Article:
Passover Sermons

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This post is something a little different — instead of my ideas, I’m including links to other “Passover Torah” (well one of them is mine…).  Below find links to some Passover Torah I found online and appreciated, with a brief excerpt from each one that caught my eye.  If you have any favorites you’d like to share, post a comment with the link.

Chag kasher v’sameach,

Rav Barry

Rabbi Phil Scheim, Pesah Yizkor 5770 (click on the link and then select Pesach VIII 5770.pdf). “The time is coming when released prisoners will return home. And the Jewish people will once again celebrate this festival of freedom properly with all due splendor. Will it be possible for Jews, in time to come, to sit around the Passover table and tell of the Exodus from Egypt without telling of the Exodus from Auschwitz?”

Rabbi David Wolpe, “This Passover Remember You Are An Egyptian.”  ”If you conduct a Seder where those who help you stay until the early hours, without acknowledgement and thanks, with little money, then your Pesach is no Pesach. If you don’t remember that slavery and oppression and sorrow and brokenness were not only in the past but the present, your Pesach is no Pesach. If you think that affliction only happens to the Jewish people, and that the suffering of others can be safely neglected, your Pesach is no Pesach, and your Seder is a wasted meal.”

Rabbi Sholomo Ben Levy, “The Heart: A Passover Midrash.” “It is important that we remember and understand that Pharoah loved himself, he loved his family, and he loved his fellow Egyptian citizens. But this love obviously did not extended to people like us, who did not share his nationality, culture, or beliefs. Hard-hearted people often think they love those closest to them, but the quality and expressions of those bonds tend to be stifled and even corrupted by the hate they feel for others.”

Rabbi Ed Feinstein, Passover Torah, “In Korech, we taste something special. Eating the biting, bitter marror and the sweet charoset all together, we savor the taste of life — and the taste of life is bittersweet. The charoset mellows the sting of the marror and makes it digestible. The marror brings out the sweetness of the charoset. Bittersweet is the taste of life lived in full awareness of the passage of time.”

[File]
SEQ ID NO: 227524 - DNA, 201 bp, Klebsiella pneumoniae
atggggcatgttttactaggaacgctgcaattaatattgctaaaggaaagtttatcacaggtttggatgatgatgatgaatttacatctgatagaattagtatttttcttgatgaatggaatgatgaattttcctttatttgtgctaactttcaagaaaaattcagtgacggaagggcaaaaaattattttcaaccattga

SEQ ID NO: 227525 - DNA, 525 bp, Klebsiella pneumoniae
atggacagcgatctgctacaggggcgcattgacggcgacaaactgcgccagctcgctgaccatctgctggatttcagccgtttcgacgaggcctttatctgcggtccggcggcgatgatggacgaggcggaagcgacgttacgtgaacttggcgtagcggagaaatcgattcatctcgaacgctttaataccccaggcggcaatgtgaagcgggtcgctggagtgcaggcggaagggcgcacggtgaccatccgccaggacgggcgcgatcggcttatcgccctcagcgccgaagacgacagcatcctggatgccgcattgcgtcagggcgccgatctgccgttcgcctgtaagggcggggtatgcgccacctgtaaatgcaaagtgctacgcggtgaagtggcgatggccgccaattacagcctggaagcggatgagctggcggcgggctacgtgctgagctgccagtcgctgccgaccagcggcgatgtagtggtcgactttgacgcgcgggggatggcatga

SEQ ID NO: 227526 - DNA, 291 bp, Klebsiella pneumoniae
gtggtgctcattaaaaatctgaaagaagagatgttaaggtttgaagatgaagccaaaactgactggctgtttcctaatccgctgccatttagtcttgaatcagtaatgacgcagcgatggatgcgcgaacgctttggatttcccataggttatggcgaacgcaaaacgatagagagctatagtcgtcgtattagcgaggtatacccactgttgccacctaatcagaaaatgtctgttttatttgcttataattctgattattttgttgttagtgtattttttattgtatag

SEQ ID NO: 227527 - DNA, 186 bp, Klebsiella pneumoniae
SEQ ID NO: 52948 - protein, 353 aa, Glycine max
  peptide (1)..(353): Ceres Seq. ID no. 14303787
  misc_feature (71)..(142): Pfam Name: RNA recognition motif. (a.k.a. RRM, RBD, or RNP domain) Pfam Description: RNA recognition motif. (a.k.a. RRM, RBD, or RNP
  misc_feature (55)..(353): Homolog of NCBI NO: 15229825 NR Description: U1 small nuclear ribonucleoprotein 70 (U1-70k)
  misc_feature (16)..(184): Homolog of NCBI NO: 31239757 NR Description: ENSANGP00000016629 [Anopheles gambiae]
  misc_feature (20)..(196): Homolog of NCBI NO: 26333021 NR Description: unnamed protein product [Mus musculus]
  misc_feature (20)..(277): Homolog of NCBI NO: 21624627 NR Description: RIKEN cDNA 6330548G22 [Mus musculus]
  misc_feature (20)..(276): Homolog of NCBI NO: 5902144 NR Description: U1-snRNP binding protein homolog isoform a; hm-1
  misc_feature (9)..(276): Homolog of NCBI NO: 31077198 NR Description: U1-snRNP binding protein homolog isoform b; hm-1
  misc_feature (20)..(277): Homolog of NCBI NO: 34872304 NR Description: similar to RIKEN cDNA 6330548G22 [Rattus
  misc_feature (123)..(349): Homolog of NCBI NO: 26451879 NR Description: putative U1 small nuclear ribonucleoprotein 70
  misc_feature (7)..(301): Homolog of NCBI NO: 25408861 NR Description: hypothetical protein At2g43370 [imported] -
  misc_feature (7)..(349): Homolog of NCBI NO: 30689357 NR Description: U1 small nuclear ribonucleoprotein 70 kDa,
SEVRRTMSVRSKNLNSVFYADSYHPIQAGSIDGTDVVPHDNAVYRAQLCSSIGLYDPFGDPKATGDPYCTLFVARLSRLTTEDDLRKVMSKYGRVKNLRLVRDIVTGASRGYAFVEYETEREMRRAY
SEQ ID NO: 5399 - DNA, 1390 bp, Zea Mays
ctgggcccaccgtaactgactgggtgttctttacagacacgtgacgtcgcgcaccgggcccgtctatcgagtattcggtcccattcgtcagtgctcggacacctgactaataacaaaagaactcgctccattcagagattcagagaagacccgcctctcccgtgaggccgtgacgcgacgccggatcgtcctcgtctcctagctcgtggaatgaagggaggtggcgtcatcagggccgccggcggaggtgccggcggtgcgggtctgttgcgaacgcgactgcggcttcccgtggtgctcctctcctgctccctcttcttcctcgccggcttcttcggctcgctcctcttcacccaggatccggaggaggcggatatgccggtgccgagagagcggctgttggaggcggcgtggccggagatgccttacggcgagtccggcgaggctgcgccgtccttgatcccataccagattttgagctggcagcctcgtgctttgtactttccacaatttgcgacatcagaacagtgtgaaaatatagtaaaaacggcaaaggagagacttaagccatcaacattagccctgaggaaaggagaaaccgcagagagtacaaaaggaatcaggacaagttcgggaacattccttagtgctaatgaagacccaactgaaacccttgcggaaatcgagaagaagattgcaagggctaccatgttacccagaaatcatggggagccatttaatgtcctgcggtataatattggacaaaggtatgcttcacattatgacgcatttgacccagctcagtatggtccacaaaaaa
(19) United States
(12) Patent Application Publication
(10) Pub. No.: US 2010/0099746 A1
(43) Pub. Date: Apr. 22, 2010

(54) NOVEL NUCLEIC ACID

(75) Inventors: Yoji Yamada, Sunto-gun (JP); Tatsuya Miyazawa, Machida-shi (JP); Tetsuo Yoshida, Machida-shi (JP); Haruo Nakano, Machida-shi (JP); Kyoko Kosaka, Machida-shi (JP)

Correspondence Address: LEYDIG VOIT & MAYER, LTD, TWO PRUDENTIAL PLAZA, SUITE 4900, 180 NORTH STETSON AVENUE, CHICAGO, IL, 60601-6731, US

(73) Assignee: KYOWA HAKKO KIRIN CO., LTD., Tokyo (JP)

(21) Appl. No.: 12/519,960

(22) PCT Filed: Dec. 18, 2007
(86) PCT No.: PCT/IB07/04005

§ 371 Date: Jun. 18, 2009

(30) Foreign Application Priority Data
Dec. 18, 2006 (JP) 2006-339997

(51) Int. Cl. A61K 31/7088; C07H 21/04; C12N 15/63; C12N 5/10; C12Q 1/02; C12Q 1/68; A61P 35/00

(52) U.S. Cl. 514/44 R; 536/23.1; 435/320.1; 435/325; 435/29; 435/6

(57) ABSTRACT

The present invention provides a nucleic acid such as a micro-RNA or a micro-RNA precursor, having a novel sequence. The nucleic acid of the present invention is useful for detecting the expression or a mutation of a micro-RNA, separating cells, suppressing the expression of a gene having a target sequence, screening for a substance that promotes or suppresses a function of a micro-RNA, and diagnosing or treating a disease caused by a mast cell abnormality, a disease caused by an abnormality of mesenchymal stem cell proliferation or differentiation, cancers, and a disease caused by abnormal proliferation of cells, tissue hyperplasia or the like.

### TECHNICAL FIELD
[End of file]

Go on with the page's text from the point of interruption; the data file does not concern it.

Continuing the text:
Rabbi Jason Miller, “Making the Four Children Speak to Us.” “Education is a balancing act. We must embrace all of the learning styles represented by the arba’ah banim, and tailor our Haggadah, our telling of Jewish history, to each other’s intellectual capacity, attitude, and interests. Only then will we all have the merit of fulfilling the central mitzvah of this festival, b’chol dor vador chayav adam lir’ot et atzmo k’ilu hu yatza mi’Mitzrayim – that in every generation we must envision ourselves as having been part of the Exodus from Egypt.”

Rabbi Brad Artson, “Pesach 5770: Sustained by Justice.” “Ha Lahma Anya, with its call to care for all in our society, reminds us that our role models should be Moses, the passionate spokesman for the downtrodden and the outcast, and God, the redeemer of slaves and the untiring protector of widows and orphans.”

Rabbi Yakov Haber, “Fire at the Seder.” ”When we finally eat the matzoh at the Seder the moment should be one of ultimate intimacy with G-d! Jumping the gun and eating matzoh before the Seder would spoil “the moment”. The Seder should feel like our wedding night with Hashem!”

Rabbi Barry Leff, “The Meaning of Passover.” “Celebrating freedom certainly is part of the Passover story, but it’s not simply a “freedom from”—freedom from oppression, freedom from living in fear—but more than that, it is “freedom to”—freedom to serve God. Hedonistic “freedom from” – the sort that teenagers especially crave, no one telling them what to do – is what Janis Joplin immortalized in song: “freedom’s just another word for nothin’ left to lose.” It’s a very empty freedom.”

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